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The AI bias trouble starts — but doesn’t end — with definition. “Bias” is an overloaded term which means remarkably different things in different contexts.

Here are just a few definitions of bias for your perusal.

  • In statistics: Bias is the difference between the expected value of an estimator and its estimand. That’s awfully technical, so allow me to translate. Bias refers to results that are systematically off the mark. Think archery where your bow is sighted incorrectly. High bias doesn’t mean you’re shooting all over the place (that’s high variance), but may cause a perfect archer hit below the bullseye all the time. In this usage, the word carries little emotional connotation.
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  • In data collection (and also statistics): When you fumble your data collection so your sample isn’t representative of your population of interest. “Sampling bias” is the formal name here. This kind of bias means you can’t trust your statistical results. Follow this link for my article on it.
  • In cognitive psychology: Systematic deviation from rationality. Every word in that pithy definition except “from” is loaded with field-specific nuance. Translation to layman’s terms? Surprise, your brain evolved some ways of reacting to stuff and psychologists initially found those reactions surprising. The list of cataloged cognitive biases is eye-popping.
  • In neural network algorithms: Essentially, an intercept term. (Bias sounds cooler than that high-school-math word, right?)
  • In the social and physical sciences: Any of a host of phenomena involving excessive influence of past/irrelevant conditions on present decisions. Examples include cultural bias and infrastructure bias.
  • In electronics: A fixed DC voltage or current applied in a circuit with AC signals.
  • In geography: A place in West Virginia. (I hear the French also have some Bias.)
  • In mythology: Any one of these ancient Greeks.
  • The one most AI experts think of: Algorithmic bias occurs when a computer system reflects the implicit values of the humans who created it. (Isn’t everything humans create a reflection of implicit values?)
  • The one most people think of: The way our past experiences distort our perception of and reaction to information, especially in the context of treating other humans unfairly and other generalized badness. Some folks use the word synonymously with prejudice.

Oh dear. There are quite a few meanings here, and some of them are spicier than others.

Which one is ML/AI talking about?

The young discipline of ML/AI has a habit of borrowing jargon from every-which-where (sometimes seemingly without looking up the original meaning), so when people talk about bias in AI, they might be referring to any one of several definitions above. Imagine getting yourself prepared for the emotional catharsis of an ornate paper promising to fix bias in AI… only to discover (several pages in) that the bias they’re talking about is the statistical one.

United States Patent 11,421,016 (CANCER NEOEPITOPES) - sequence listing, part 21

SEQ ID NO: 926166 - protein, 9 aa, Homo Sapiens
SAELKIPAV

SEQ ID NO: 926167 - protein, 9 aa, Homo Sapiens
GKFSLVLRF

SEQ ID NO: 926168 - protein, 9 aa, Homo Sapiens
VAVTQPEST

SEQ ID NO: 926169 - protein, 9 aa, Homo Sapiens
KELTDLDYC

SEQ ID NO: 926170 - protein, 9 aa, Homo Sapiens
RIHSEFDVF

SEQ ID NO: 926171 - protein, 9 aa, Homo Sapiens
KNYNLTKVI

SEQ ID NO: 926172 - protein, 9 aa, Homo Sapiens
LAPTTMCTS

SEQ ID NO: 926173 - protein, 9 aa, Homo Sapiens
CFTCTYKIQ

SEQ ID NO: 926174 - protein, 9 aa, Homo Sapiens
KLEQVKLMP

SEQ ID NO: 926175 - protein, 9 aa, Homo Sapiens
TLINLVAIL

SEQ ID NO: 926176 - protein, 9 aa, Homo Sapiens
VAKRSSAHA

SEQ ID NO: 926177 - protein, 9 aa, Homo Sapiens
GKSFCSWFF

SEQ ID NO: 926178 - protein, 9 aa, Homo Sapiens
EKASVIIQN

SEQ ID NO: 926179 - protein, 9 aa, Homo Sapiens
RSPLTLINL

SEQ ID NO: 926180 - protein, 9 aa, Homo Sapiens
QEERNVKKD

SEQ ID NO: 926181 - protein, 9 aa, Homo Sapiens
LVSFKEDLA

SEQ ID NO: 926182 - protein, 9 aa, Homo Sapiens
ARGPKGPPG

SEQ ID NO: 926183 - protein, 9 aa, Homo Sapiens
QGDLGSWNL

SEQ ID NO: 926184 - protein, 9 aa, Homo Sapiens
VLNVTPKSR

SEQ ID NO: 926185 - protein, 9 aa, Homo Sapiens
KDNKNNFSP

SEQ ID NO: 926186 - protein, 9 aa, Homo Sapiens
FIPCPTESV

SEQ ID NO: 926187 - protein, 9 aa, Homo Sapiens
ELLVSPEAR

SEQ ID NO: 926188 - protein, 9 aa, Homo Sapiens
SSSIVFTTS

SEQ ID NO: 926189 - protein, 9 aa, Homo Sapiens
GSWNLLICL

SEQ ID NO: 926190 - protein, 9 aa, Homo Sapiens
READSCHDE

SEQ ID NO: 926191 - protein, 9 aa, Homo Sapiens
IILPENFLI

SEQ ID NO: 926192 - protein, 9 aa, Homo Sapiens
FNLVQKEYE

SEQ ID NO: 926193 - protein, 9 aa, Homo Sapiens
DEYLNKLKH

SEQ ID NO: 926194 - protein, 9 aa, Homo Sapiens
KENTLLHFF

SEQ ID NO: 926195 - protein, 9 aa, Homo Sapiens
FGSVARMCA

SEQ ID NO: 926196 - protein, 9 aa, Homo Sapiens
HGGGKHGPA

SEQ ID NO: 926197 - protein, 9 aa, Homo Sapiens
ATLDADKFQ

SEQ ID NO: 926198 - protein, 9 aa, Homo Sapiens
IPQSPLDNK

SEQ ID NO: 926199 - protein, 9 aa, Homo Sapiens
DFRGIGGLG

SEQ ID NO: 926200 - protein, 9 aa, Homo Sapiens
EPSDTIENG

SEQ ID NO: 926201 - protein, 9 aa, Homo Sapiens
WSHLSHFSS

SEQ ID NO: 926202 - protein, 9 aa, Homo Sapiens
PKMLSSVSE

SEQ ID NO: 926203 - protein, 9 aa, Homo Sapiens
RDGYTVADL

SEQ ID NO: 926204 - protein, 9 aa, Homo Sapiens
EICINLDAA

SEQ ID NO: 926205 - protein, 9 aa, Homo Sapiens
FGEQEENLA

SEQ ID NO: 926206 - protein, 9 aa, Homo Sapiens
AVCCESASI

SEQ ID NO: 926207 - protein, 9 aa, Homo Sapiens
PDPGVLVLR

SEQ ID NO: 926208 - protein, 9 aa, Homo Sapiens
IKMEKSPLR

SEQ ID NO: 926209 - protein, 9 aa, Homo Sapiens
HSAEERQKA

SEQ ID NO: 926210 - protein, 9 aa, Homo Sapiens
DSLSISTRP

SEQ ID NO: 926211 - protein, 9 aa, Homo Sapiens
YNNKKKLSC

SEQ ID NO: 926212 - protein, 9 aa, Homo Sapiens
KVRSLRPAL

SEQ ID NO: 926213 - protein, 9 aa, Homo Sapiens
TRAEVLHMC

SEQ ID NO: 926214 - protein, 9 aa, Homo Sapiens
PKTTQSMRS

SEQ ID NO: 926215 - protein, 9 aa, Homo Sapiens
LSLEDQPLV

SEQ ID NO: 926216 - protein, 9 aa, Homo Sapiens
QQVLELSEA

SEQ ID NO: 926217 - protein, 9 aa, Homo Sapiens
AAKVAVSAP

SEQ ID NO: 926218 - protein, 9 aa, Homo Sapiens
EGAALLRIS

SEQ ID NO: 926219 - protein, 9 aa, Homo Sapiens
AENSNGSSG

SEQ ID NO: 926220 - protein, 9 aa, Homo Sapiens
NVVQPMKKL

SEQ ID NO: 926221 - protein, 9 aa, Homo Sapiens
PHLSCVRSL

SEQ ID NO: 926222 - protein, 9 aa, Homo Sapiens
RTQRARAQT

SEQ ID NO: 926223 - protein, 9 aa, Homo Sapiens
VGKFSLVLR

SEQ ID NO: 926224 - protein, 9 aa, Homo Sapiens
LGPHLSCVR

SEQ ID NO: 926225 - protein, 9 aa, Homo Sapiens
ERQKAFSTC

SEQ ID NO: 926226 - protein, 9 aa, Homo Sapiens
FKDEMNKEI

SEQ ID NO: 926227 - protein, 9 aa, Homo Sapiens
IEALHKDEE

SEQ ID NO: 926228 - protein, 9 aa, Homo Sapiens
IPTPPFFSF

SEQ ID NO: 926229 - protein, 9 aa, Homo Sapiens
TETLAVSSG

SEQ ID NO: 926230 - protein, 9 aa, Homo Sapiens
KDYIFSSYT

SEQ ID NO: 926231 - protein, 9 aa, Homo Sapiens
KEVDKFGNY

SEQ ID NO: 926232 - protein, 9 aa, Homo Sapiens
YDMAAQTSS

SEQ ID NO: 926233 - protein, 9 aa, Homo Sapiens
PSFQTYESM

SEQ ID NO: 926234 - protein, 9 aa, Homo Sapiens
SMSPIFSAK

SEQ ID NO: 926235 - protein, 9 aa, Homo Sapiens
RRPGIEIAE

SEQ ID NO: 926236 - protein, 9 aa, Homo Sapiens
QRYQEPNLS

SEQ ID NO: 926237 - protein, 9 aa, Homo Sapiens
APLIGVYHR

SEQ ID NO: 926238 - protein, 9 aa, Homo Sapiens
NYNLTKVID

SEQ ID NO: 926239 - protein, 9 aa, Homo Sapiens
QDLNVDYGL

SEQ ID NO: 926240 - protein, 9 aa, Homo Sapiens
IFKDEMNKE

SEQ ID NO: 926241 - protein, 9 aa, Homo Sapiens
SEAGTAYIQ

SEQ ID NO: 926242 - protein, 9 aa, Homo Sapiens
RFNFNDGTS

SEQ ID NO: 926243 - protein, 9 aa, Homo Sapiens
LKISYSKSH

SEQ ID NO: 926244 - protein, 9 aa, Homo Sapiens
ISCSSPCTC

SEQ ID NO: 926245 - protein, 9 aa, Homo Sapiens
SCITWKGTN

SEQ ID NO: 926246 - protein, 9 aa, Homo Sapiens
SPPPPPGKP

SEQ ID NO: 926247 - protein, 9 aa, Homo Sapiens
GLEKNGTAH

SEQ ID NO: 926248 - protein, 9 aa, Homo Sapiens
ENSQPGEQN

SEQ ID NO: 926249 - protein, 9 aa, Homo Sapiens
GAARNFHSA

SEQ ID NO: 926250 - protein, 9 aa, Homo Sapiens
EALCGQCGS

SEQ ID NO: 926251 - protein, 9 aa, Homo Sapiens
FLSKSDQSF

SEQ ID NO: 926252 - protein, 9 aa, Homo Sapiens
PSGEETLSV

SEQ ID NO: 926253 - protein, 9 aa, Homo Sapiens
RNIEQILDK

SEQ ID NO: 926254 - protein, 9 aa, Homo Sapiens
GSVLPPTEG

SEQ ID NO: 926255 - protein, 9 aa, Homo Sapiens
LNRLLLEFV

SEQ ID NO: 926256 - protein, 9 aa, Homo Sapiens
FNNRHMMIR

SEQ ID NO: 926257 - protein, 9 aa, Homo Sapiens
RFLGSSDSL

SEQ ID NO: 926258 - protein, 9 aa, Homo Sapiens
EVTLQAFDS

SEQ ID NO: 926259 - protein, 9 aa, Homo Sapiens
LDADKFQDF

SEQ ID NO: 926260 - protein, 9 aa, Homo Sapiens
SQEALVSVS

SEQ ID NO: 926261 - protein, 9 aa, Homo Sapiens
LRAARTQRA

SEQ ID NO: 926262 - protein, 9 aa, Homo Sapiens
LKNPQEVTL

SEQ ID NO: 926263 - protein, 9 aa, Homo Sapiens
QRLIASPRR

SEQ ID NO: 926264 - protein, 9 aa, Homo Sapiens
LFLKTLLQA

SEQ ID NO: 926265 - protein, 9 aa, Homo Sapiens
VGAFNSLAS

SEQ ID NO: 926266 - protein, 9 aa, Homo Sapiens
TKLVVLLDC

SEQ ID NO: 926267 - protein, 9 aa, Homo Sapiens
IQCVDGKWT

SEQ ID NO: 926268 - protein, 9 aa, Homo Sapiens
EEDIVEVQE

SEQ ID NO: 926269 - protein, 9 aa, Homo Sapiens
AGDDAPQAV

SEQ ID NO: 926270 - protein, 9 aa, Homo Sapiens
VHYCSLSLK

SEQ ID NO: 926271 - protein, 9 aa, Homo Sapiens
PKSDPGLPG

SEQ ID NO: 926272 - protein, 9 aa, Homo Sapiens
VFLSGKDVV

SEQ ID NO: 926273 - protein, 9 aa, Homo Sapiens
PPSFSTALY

The one that’s fashionable to talk about, though, is the one that gets media attention. The gory human one. Alas, we even bring all kinds of biases (past experiences that distort our perception of and reaction to information) along with us when we read (and write!) about these topics.

The whole point of AI is to let you explain your wishes to a computer using examples (data!) instead of instructions. Which examples? Hey, that’s your choice as the teacher. Datasets are like textbooks for your student to learn from. Guess what? Textbooks have human authors, and so do datasets.

Textbooks reflect the biases of their authors. Like textbooks, datasets have authors. They’re collected according to instructions made by people.

Imagine trying to teach a human student from a textbook written by a prejudiced author — would it surprise you if the student ends up reflecting some of the same skewed perceptions? Whose fault would that be?

The amazing thing about AI is just how un(human)biased it is. If it had personhood and opinions of its own, it might stand up to those who feed it examples dripping with prejudice. Instead, ML/AI algorithms are simply tools for continuing the patterns you show them. Show them bad patterns and that’s what they’ll echo. Bias in the sense of the last two bullet points doesn’t come from ML/AI algorithms, it comes from people.

Bias doesn’t come from AI algorithms, it comes from people.

Algorithms never think for themselves. In fact, they don’t think at all (they’re tools) so it’s up to us humans to do the thinking for them. If you’d like to find out what you can do about AI bias and go deeper down this rabbit hole, here’s the entrance.

Cassie Kozyrkov